Specious vs Spurious what difference

what is difference between Specious and Spurious

English

Etymology

From Latin speciōsus (good-looking).

Pronunciation

  • (UK, US) IPA(key): /ˈspiːʃəs/
  • Rhymes: -iːʃəs

Adjective

specious (comparative more specious, superlative most specious)

  1. Seemingly well-reasoned, plausible or true, but actually fallacious.
    Synonyms: fallacious, insincere
    • 1649, John Milton, Eikonoklastes:
      now to the discourse itself, voluble enough, and full of sentence, but that, for the most part, either specious rather than solid, or to his cause nothing pertinent.
  2. Employing fallacious but deceptively plausible arguments; deceitful.
    • 1829, William Phelan, Mortimer O’Sullivan, Ireland: A digest taken before Select Committees of the two Houses of Parliament, appointed to inquire into the State of Ireland, 1824—25, in The Christian Review and Clerical Magazine, Volume III, page 472,
      But a third cause of the delusion is, that the Church of Rome has become more specious and deceitful than before the Reformation.
  3. Having an attractive appearance intended to generate a favorable response; deceptively attractive.
    Synonyms: meretricious, pretextual
    • 1760, William Warburton, The Lord Bishop of Gloucester’s Sermon Preached Before the Right Honourable the House of Lords, January 30, 1760, page 19,
      And could any thing be more ſpecious, or more equal, than that fair diſtribution of power and profit, which men called the NEW MODEL?
    • 1788, Alexander Hamilton, Federalist No. 59
      This argument, though specious, will not, upon examination, be found solid.
  4. (obsolete) Beautiful, pleasing to look at.

Derived terms

  • specious present
  • specious tiger (Asota speciosa, a species of moth)

Related terms

  • speciosity
  • speciously
  • speciousness

Translations

See also

  • spurious

Anagrams

  • cosies up


English

Etymology

Borrowed from Late Latin spurius (illegitimate, bastardly), possibly related to sperno or from Etruscan.

Pronunciation

  • (Received Pronunciation) IPA(key): /ˈspjʊə.ɹi.əs/
  • (US) IPA(key): /ˈspjʊ.ɹi.əs/, /ˈspʊ.ɹi.əs/, /ˈspjɔ.ɹi.əs/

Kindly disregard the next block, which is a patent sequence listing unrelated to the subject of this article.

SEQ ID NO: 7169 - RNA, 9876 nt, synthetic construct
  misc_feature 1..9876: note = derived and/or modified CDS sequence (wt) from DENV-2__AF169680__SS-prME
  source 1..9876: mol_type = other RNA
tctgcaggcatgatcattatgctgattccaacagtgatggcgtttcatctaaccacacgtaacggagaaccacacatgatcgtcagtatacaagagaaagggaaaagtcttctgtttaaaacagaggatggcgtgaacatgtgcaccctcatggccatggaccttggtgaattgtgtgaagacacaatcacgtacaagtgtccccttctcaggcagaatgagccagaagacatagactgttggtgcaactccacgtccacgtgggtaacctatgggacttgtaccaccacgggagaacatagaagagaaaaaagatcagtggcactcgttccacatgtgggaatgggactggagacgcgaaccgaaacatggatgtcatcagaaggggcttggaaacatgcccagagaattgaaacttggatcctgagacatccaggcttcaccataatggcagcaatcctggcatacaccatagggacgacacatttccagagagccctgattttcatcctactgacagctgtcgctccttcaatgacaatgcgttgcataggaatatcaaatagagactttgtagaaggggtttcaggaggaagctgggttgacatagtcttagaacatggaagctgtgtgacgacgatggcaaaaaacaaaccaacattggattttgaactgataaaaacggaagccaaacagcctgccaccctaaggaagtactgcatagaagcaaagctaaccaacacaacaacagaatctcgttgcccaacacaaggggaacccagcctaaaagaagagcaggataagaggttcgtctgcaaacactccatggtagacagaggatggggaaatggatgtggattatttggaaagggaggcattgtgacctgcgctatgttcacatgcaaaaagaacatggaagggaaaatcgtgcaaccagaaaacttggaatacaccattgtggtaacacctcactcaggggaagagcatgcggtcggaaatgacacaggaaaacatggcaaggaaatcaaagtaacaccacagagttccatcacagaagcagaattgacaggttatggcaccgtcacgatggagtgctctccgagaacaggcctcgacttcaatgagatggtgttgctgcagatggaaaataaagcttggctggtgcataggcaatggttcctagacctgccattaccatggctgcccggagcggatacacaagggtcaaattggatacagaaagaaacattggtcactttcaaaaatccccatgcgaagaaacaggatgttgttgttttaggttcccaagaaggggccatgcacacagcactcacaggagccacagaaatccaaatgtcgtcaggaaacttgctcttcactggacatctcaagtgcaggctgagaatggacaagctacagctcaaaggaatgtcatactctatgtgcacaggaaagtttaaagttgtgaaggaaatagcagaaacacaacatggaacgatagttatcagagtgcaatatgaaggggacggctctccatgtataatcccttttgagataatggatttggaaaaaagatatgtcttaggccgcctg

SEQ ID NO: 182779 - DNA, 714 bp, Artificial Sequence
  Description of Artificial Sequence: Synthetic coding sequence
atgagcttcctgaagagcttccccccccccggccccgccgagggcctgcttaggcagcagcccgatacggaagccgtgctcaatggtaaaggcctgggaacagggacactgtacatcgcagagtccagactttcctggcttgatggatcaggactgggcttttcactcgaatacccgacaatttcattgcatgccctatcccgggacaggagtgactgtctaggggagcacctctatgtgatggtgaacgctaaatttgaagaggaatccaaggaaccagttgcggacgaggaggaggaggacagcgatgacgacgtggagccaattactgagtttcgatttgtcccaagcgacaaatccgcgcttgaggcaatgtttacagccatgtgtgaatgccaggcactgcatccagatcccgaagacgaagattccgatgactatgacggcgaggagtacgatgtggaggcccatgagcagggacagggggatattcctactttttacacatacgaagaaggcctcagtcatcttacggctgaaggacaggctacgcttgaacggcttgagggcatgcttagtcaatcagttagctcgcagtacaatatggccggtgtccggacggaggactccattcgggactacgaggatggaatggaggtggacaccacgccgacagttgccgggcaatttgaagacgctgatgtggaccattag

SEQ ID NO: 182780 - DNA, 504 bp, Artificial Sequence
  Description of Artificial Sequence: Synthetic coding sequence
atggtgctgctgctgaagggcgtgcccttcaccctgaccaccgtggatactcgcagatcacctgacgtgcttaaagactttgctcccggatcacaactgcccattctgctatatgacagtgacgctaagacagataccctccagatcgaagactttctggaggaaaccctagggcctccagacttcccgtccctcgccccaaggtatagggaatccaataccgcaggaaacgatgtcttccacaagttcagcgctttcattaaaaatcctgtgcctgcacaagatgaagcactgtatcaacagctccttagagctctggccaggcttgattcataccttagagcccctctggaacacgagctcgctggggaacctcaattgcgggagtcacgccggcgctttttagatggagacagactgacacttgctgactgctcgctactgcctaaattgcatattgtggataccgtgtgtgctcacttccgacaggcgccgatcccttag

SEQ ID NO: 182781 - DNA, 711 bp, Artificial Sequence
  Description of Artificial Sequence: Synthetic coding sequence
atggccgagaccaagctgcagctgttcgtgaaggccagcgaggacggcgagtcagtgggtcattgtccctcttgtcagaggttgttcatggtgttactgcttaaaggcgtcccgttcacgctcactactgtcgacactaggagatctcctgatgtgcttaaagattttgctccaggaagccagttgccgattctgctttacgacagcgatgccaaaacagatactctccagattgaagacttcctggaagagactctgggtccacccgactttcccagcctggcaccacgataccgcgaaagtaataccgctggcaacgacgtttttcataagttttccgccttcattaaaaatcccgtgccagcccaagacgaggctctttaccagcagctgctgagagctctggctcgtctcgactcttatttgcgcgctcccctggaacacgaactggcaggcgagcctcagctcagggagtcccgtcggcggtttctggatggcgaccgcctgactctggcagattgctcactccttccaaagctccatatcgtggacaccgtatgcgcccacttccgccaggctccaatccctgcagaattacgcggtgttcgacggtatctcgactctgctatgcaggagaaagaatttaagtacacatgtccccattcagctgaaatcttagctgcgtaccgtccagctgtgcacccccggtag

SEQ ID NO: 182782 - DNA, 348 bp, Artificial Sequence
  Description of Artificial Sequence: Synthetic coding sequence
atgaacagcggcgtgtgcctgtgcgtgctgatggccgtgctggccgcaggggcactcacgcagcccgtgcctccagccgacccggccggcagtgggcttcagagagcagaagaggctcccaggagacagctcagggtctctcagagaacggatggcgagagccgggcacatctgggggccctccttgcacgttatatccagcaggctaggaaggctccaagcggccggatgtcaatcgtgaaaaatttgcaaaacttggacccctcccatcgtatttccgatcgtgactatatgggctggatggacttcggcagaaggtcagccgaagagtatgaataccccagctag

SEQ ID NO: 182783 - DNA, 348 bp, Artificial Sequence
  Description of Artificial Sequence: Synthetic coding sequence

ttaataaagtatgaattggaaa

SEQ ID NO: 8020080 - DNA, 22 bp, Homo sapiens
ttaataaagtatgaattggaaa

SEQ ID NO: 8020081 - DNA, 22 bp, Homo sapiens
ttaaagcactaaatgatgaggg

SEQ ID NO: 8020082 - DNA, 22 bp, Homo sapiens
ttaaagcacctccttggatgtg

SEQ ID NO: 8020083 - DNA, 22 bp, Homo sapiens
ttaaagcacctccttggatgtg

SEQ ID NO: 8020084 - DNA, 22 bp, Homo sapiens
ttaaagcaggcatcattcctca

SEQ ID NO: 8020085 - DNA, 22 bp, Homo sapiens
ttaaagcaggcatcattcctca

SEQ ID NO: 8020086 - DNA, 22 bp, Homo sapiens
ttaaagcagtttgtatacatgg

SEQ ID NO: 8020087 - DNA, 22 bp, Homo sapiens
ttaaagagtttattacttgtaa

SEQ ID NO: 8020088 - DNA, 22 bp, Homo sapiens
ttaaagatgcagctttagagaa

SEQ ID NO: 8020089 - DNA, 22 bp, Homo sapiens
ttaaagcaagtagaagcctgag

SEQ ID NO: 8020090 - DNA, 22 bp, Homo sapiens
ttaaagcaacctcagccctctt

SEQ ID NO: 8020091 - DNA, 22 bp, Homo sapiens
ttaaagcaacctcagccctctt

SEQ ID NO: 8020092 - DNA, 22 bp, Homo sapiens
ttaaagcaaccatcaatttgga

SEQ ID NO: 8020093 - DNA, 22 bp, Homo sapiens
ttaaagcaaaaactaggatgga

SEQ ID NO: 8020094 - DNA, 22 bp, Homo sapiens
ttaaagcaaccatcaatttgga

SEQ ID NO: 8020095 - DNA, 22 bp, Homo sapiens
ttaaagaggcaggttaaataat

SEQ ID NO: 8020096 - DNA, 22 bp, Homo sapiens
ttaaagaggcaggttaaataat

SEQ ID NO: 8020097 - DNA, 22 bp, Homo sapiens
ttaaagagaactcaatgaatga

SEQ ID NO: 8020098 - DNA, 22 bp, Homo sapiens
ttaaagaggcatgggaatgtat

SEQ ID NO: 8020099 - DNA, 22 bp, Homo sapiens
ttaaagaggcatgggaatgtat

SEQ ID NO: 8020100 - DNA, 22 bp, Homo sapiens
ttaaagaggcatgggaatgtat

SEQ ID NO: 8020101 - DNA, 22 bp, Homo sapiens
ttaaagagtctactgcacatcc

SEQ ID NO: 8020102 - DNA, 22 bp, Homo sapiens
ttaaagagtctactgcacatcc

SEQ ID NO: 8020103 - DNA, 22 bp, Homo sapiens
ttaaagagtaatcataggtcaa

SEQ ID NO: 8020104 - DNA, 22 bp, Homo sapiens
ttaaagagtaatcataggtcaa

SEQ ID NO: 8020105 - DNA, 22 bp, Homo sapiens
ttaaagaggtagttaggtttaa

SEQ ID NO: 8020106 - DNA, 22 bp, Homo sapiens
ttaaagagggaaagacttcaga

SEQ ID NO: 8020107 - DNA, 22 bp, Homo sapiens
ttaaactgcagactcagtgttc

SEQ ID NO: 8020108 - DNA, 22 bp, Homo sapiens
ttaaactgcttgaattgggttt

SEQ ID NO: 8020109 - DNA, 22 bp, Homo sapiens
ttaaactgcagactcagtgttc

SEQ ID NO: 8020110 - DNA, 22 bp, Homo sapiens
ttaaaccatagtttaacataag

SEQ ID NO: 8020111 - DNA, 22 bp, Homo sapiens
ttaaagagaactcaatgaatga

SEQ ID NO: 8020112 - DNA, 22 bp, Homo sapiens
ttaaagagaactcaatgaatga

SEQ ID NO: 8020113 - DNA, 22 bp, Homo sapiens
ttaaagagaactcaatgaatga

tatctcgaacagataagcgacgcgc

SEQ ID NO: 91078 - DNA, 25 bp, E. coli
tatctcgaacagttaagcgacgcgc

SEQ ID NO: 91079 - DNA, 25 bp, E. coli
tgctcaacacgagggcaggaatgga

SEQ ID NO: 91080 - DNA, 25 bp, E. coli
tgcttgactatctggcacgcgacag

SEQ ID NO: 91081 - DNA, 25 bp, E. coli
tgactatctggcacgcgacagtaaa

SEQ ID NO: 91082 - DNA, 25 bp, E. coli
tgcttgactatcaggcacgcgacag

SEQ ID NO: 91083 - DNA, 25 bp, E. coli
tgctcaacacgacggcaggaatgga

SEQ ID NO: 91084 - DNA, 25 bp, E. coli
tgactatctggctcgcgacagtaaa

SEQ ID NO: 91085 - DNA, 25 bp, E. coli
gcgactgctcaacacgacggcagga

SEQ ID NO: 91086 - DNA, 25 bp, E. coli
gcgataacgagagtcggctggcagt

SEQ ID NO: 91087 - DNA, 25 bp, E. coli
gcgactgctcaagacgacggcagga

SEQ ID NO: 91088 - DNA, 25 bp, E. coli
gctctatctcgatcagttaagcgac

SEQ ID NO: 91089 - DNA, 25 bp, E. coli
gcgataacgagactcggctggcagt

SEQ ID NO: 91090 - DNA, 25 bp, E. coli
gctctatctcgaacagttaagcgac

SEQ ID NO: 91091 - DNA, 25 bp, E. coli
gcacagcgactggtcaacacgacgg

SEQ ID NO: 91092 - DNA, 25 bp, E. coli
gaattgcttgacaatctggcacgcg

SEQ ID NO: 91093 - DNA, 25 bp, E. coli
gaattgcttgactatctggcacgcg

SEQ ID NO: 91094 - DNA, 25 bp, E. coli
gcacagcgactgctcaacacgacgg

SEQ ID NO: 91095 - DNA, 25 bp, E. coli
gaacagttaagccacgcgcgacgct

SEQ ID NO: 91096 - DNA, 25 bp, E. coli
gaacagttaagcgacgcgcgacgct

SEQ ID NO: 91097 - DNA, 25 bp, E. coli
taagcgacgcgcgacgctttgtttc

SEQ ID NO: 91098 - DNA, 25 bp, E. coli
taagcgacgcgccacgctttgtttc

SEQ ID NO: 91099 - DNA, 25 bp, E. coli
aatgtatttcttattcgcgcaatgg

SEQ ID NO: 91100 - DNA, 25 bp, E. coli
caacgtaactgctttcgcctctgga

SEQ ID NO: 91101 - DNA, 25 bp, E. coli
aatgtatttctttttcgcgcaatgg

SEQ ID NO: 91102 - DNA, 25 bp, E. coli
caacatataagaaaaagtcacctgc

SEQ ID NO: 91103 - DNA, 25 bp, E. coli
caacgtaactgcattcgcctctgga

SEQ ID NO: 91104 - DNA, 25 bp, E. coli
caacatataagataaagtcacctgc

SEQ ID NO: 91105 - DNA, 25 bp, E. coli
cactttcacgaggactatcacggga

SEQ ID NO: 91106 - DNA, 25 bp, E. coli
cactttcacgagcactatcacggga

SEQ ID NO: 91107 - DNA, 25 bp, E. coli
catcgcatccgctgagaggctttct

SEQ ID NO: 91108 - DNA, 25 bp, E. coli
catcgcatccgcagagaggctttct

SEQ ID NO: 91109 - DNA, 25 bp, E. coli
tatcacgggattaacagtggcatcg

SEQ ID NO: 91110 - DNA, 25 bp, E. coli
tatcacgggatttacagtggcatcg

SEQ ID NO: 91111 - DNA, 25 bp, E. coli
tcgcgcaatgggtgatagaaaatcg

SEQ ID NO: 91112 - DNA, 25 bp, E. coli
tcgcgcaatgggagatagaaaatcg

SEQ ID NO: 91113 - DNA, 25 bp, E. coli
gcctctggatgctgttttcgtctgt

• Rhymes: -ʊəɹiəs

Adjective

spurious (comparative more spurious, superlative most spurious)

  1. False, not authentic, not genuine.
    His argument was spurious and had no validity.
    • 2013, Russell Brand, Russell Brand and the GQ awards: ‘It’s amazing how absurd it seems’ (in The Guardian, 13 September 2013)[1]
      We witness that there is a relationship between government, media and industry that is evident even at this most spurious and superficial level. These three institutions support one another. We know that however cool a media outlet may purport to be, their primary loyalty is to their corporate backers. We know also that you cannot criticise the corporate backers openly without censorship and subsequent manipulation of this information.
  2. Extraneous; stray; not relevant or wanted.
    I tried to concentrate on the matter in hand, but spurious thoughts kept intruding.
    Spurious emissions from the wireless mast were causing nearby electrical equipment to go haywire.
  3. (archaic) bastardly, illegitimate

Synonyms

  • (false): counterfeit, fake, false, bogus
  • See also Thesaurus:fake
  • See also Thesaurus:illegitimate

Antonyms

  • (false): genuine, representative

Derived terms

  • spuriosity
  • spuriously
  • spuriousness

Translations

See also

  • specious

Please follow and like us:

Leave a Reply

Your email address will not be published. Required fields are marked *

Social Share Buttons and Icons powered by Ultimatelysocial